Liberia continues to witness frequent flooding, erratic rainfalls, pest infestation, increase waterborne diseases and heavy storm as a result of climate change, the Environmental Protection Agency or EPA has reported.
The EPA also said climate change poses significant threat to capacity building in the country. Addressing stakeholders Thursday, July 16, at the close of a two-day workshop held at the Monrovia City Hall, EPA Executive Director, Madam Anyaa Vohiri, said it’s an open secret that the consequences of climate change in Liberia could impede economic growth and significantly affect human development and the ability to make progress toward achieving the poverty reduction benchmark as stipulated by the Millennium Development Goals or MDGs.
According to the EPA Boss if no drastic action is taken to address climate change related issues in Liberia, climate change will continues to undermine the state capacity to provide opportunities and services that are meant to improved rural livelihood and increase human health security.
She told participants at the workshop that” Liberia is a party to United Nation Framework Convention on climate change (UNFCCC), and we anticipate this new agreement to limit temperature increase to zero degree cerci us, she noted that parties have agree to publicly outline what action they intend to take under a global agreement as commitments which is known as intended National Determined Contribution (INDC).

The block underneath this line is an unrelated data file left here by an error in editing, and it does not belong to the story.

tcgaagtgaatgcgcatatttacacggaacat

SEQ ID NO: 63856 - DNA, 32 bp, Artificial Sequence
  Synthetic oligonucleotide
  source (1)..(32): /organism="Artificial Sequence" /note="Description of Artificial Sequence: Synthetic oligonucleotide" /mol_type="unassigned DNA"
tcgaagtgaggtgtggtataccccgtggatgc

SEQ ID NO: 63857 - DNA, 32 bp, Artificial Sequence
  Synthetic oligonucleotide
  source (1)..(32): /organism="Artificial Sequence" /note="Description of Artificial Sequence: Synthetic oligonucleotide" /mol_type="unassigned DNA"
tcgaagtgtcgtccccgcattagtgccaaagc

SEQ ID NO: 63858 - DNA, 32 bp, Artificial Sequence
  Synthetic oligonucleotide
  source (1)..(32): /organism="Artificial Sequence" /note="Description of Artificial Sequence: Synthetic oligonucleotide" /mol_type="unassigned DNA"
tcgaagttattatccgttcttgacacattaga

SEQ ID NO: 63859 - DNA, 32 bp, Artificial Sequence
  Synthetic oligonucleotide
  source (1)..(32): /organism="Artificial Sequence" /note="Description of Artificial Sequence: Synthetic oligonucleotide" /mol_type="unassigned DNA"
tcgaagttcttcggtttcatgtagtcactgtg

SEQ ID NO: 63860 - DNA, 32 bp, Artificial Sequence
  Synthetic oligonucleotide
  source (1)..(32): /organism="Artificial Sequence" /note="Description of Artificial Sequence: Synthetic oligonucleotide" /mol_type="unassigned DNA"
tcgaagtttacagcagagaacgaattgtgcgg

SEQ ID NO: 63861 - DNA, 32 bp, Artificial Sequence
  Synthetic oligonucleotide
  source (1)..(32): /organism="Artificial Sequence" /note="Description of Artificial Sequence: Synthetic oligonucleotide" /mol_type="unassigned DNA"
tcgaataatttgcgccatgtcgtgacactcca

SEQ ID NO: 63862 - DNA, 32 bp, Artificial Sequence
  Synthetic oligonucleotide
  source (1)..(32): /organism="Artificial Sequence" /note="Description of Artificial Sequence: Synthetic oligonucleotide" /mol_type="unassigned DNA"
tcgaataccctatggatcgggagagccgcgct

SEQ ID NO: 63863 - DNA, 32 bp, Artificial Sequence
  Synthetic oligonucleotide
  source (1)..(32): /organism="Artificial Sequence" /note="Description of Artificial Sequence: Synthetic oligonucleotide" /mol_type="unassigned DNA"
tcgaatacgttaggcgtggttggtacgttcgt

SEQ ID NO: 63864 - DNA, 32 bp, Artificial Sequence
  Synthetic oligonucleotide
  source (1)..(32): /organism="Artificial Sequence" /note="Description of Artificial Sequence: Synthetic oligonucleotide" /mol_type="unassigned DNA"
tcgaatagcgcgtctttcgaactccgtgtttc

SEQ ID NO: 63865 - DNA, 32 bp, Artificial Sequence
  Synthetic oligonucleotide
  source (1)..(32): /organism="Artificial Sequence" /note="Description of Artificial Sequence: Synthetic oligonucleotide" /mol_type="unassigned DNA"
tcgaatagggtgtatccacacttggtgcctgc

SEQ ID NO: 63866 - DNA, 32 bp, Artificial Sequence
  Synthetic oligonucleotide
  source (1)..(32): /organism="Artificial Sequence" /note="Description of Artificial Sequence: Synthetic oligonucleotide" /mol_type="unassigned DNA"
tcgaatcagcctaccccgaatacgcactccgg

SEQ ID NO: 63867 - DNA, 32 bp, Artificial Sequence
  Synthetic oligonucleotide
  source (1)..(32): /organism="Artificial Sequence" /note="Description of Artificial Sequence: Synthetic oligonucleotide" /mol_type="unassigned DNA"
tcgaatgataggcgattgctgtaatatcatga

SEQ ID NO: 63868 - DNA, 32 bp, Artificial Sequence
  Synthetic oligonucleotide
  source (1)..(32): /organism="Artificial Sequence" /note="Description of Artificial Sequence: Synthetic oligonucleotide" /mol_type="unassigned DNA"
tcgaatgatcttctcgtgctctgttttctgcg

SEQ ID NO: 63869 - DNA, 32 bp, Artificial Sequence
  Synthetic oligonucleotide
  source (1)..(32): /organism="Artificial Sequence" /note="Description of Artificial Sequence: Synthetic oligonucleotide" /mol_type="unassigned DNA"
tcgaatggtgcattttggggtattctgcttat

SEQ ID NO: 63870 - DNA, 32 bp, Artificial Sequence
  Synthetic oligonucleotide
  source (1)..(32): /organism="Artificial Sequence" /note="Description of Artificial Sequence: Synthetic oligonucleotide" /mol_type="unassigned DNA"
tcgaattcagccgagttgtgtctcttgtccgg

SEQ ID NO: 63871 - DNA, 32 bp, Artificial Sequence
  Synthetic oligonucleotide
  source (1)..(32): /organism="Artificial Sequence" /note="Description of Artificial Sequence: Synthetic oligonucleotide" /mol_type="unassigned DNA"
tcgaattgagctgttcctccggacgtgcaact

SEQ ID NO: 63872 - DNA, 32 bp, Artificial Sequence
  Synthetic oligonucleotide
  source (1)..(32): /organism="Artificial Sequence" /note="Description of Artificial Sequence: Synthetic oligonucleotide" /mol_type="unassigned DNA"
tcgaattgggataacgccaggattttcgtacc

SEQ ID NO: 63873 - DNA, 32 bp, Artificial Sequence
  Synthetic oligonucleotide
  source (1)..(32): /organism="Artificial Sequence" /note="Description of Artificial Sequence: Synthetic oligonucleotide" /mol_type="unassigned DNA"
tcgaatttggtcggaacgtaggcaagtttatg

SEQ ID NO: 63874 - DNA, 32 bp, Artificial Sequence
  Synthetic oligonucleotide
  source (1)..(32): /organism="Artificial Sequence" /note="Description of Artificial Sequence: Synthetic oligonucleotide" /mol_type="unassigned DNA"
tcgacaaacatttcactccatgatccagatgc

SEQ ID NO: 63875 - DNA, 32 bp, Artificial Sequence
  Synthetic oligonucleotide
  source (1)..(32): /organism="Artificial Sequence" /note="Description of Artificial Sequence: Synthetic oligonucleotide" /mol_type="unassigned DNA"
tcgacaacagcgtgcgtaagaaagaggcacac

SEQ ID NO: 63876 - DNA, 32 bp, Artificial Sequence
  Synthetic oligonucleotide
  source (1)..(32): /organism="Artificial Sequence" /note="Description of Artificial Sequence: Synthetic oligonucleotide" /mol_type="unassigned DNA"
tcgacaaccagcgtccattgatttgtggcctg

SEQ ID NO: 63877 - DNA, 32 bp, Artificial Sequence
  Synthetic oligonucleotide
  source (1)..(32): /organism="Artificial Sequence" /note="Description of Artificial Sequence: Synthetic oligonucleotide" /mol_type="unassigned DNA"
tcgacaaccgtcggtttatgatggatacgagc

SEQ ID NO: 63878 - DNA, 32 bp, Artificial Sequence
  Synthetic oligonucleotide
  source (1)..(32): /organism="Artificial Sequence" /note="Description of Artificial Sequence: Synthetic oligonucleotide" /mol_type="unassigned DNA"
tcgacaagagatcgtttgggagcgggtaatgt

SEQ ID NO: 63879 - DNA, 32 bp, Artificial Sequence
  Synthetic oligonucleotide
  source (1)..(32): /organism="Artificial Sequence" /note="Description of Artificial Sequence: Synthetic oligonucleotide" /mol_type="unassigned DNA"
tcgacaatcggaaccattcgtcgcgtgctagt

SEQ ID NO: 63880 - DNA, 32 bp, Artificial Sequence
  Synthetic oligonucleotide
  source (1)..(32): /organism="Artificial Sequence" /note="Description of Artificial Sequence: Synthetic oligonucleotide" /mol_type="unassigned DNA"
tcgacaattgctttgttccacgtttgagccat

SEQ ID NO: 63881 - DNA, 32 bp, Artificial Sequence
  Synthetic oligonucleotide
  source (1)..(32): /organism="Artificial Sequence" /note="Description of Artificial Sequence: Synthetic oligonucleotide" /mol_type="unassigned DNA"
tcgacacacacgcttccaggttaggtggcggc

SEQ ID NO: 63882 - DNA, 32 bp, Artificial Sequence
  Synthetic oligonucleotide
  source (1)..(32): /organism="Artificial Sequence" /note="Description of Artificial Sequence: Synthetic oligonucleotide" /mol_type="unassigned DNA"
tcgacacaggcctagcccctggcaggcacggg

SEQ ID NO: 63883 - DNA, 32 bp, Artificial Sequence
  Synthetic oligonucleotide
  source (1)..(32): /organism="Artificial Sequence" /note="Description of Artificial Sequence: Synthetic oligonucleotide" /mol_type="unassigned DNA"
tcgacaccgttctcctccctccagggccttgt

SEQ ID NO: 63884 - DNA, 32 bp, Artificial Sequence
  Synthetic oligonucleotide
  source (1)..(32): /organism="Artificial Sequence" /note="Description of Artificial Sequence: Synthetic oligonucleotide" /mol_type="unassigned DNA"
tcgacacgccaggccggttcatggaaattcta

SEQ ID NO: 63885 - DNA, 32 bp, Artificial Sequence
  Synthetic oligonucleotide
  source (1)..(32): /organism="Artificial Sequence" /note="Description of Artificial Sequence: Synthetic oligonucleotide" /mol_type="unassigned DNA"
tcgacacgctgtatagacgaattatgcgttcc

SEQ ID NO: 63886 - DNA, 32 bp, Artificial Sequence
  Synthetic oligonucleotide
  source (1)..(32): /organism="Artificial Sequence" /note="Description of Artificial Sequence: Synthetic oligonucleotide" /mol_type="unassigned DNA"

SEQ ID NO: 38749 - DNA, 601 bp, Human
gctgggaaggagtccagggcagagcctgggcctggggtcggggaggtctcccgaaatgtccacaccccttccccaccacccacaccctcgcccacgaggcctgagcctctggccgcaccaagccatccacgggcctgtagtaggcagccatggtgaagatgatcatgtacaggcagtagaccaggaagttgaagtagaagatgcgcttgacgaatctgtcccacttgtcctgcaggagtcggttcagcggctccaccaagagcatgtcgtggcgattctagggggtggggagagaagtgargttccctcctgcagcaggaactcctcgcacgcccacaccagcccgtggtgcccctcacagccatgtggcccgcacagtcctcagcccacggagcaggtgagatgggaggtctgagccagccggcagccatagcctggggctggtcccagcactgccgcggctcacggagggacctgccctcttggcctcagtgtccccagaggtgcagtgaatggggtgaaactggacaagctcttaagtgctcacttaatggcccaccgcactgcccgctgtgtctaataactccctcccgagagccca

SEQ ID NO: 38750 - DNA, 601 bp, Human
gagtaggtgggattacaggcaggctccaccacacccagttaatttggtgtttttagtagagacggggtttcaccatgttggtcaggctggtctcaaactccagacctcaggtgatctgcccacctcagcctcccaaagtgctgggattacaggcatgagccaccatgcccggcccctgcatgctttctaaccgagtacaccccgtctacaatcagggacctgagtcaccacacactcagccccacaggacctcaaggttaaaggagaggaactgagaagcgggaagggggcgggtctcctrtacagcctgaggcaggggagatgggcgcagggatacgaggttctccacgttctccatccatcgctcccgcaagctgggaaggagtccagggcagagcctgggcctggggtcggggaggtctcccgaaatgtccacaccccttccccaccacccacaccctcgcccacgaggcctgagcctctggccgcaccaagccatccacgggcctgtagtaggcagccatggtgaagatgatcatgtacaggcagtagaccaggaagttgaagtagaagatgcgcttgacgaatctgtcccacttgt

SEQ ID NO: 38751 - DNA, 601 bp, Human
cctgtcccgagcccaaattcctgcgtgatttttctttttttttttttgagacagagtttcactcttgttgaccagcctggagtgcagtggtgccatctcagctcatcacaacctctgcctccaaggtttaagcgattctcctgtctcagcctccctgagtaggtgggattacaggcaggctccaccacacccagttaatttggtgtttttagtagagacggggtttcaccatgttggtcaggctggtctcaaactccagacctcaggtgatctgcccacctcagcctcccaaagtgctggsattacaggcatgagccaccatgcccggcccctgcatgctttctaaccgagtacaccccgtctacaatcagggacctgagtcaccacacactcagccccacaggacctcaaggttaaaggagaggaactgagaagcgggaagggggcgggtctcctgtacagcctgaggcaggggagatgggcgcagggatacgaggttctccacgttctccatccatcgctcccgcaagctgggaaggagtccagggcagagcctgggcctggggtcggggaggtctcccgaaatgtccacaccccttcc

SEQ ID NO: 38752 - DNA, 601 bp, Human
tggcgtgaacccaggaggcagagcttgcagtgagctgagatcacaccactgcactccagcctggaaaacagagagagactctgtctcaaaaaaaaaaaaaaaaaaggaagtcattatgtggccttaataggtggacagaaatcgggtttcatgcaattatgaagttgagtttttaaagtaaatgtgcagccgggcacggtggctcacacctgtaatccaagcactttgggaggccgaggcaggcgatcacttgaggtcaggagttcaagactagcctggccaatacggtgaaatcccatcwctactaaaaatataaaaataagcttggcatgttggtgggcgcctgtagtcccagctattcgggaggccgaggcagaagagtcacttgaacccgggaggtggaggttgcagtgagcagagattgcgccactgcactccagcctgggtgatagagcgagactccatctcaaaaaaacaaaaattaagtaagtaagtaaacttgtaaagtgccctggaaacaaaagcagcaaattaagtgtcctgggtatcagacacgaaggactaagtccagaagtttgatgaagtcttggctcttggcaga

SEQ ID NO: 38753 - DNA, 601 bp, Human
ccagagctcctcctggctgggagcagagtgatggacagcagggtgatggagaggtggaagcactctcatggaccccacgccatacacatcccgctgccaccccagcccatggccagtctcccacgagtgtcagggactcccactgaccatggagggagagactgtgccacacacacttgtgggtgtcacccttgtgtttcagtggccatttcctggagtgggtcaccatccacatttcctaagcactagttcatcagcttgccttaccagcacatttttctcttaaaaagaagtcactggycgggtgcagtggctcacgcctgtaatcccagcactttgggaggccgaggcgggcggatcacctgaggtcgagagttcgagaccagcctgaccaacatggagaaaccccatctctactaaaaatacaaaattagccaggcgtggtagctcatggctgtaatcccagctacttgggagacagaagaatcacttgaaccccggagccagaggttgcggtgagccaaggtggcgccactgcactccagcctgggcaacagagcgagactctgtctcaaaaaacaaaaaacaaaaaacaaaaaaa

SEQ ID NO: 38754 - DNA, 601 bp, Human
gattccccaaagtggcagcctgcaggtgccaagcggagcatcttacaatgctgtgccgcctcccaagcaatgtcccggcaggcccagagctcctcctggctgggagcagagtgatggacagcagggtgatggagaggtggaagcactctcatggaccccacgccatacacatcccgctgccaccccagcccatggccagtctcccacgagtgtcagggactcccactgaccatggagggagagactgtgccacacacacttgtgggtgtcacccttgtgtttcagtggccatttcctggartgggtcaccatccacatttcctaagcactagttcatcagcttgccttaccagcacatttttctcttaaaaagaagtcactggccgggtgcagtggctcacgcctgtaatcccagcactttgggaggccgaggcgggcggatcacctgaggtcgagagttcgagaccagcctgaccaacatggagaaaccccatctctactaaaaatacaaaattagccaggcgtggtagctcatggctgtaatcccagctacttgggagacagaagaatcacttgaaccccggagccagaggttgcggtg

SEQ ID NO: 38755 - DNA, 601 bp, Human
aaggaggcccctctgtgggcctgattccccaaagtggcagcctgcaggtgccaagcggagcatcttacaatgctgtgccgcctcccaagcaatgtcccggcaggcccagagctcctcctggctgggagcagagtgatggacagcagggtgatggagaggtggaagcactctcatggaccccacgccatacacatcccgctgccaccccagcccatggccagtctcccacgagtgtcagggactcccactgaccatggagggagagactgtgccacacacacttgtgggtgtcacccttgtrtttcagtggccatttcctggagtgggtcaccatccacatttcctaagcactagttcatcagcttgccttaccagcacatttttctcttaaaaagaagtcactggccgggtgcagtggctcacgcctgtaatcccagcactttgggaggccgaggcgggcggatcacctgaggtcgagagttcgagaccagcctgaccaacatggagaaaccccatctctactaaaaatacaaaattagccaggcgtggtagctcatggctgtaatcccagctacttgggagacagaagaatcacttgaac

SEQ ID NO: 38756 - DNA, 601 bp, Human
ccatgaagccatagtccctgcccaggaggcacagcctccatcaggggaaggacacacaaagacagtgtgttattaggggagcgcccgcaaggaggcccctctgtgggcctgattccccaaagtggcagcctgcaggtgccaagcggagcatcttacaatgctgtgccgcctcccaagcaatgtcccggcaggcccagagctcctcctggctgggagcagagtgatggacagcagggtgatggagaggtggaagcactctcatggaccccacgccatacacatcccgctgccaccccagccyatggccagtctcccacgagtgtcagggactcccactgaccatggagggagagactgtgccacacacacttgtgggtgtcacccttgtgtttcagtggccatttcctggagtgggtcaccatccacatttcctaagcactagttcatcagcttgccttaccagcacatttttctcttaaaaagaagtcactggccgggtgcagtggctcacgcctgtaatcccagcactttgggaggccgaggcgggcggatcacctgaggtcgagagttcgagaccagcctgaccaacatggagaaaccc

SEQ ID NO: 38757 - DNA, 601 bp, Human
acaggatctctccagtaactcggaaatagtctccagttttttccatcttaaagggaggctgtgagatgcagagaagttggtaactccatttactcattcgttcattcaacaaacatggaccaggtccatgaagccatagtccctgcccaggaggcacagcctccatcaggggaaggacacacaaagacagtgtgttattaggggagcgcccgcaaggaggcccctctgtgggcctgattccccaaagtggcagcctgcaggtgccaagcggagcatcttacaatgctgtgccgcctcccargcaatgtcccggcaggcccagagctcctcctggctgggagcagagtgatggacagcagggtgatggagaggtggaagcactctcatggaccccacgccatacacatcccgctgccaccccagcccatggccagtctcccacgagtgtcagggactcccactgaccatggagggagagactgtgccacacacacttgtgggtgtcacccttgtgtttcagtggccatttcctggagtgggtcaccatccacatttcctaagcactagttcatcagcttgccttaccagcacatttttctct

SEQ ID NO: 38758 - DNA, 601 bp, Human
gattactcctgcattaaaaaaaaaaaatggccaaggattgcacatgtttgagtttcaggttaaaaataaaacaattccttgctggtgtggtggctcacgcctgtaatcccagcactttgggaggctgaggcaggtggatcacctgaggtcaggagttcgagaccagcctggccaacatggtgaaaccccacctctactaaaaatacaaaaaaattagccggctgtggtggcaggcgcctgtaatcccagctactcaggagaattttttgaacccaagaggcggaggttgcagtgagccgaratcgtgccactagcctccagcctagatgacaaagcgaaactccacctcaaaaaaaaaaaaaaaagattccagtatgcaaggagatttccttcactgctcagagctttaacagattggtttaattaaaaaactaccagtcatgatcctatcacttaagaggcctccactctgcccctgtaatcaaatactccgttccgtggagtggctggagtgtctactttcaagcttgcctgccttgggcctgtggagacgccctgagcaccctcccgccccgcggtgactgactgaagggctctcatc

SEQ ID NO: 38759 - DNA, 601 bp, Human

Madam Vohiri narrated that Liberia’s INDC will put forward the country’s contribution in the context of national priorities, circumstances and capabilities, with aim of reducing emission to avert the worst impacts of climate change.
According to her, in 2013 the EPA prepared an initial national communication, saying, “This report was there to meet Liberia’s obligation under the UNFCCC, covering thematic areas such as national greenhouse gas, inventories impacts, vulnerability and adaptation assessment.
She said the report will also focus on four key economic sectors in Liberia such as energy, forestry, agriculture, and waste, which have not only contributed to a better understanding of the emission sources of greenhouse gas here, but to also identify some important sectors of the national economy that could be adversely affected by climate change impacts such as coastal zones and agriculture.
According to statistics, energy sector accounted for 67% of the total greenhouse gas emission, followed by agriculture (31%) and waste (0%), adding that in 2008 the EPA following a vulnerability and adaptation assessment across the country, developed the National Adaptation Programmed of Action or NAPA, which provides a process for least developed countries to identify priority activities that respond to their immediate needs. By Lewis S. Teh